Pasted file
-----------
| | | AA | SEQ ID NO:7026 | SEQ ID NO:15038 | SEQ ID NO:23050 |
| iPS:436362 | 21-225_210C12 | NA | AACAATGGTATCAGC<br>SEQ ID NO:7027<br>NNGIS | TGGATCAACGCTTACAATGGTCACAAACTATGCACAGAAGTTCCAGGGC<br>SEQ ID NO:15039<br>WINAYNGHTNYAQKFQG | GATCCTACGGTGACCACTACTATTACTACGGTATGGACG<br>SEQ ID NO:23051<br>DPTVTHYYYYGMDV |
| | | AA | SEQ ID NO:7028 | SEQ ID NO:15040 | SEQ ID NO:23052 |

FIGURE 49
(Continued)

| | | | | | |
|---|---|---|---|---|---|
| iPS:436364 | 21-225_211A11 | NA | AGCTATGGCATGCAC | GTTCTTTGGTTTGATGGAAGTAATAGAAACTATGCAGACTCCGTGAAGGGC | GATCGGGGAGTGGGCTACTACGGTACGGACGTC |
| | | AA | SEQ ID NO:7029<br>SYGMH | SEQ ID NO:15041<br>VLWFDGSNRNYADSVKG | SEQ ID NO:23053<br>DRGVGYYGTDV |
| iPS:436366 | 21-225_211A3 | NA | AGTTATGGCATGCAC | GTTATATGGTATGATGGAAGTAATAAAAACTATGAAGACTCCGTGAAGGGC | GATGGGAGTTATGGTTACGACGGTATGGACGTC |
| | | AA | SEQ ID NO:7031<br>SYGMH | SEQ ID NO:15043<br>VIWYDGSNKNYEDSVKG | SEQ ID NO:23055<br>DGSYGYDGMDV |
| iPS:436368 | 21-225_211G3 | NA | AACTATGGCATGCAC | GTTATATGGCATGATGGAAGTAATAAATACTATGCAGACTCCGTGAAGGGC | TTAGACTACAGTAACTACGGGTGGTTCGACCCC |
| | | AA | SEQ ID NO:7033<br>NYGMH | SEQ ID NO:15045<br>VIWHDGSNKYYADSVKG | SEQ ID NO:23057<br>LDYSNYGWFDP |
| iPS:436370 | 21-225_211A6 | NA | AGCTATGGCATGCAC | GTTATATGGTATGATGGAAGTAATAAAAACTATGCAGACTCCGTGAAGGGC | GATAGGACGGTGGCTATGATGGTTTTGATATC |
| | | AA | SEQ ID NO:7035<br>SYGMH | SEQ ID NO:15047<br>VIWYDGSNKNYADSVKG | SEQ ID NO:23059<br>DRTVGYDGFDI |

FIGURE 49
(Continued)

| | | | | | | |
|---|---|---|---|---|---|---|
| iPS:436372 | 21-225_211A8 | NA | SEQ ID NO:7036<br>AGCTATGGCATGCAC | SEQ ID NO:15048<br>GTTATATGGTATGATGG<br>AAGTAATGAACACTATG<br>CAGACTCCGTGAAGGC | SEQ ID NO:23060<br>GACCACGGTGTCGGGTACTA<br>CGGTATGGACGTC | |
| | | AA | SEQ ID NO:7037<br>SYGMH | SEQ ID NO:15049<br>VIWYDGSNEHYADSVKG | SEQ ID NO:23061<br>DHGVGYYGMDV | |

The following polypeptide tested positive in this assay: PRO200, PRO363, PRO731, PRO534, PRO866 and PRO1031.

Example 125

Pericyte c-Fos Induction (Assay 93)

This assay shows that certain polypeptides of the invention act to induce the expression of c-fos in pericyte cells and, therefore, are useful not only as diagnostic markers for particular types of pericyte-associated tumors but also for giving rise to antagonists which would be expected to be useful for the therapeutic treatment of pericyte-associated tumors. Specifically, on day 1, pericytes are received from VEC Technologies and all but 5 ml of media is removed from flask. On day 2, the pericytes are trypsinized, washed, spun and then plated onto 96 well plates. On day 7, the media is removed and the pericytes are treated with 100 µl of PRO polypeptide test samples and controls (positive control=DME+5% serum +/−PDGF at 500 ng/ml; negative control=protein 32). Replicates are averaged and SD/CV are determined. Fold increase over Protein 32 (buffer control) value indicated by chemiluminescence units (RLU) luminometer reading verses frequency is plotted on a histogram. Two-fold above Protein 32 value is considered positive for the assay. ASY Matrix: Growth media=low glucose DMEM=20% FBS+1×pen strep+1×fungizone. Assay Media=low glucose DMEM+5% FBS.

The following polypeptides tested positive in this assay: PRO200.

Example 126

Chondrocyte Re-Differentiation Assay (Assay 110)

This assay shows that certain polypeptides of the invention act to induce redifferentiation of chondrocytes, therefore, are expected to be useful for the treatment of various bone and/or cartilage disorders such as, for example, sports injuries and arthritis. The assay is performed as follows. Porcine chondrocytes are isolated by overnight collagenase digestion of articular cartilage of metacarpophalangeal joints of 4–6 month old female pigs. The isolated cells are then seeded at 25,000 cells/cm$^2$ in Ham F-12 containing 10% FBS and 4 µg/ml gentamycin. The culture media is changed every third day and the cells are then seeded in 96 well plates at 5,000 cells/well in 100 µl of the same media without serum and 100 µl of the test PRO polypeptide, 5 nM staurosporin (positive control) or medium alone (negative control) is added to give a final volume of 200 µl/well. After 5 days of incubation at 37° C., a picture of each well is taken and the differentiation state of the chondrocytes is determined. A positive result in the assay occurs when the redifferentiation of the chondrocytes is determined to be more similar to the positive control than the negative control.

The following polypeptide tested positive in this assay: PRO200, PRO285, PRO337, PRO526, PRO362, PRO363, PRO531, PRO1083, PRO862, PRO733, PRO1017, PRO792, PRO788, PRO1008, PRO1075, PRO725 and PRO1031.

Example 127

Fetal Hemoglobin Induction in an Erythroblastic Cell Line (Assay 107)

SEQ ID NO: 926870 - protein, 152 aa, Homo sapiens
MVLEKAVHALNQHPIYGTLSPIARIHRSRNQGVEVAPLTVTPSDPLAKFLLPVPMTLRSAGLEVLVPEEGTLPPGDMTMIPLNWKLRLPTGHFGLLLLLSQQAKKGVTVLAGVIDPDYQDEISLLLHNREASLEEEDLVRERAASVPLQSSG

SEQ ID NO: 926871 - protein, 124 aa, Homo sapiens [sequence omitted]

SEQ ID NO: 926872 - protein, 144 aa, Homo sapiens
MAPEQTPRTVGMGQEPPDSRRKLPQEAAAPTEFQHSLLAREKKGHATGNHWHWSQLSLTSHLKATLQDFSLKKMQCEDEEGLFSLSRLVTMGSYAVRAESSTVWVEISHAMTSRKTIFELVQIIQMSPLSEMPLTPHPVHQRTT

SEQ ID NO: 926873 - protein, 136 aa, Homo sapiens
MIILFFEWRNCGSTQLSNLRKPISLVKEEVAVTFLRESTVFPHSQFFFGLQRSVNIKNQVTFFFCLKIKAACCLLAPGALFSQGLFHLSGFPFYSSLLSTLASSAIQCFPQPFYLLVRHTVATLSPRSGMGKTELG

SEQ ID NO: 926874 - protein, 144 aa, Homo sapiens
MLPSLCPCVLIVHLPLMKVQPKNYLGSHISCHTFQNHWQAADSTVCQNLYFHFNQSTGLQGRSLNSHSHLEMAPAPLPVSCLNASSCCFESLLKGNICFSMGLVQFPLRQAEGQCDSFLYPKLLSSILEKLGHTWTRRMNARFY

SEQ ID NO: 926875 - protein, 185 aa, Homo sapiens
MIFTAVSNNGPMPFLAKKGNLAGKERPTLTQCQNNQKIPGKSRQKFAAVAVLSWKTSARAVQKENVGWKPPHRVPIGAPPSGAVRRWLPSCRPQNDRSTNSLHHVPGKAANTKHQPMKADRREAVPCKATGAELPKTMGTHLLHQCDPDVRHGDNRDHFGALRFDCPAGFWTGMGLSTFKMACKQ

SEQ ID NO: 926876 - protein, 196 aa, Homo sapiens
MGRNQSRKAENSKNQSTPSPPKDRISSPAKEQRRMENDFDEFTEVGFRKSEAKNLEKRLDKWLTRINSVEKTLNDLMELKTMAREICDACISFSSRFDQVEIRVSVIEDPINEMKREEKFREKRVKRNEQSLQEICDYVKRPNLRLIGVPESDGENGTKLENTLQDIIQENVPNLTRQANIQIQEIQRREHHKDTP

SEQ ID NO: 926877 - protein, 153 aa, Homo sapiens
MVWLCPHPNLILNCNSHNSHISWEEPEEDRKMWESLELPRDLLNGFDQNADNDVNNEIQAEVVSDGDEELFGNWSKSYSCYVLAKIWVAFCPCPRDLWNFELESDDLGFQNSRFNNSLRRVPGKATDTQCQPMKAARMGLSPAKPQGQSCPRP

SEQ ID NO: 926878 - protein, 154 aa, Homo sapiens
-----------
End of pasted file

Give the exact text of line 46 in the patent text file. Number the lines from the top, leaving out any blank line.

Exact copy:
SEQ ID NO: 926877 - protein, 153 aa, Homo sapiens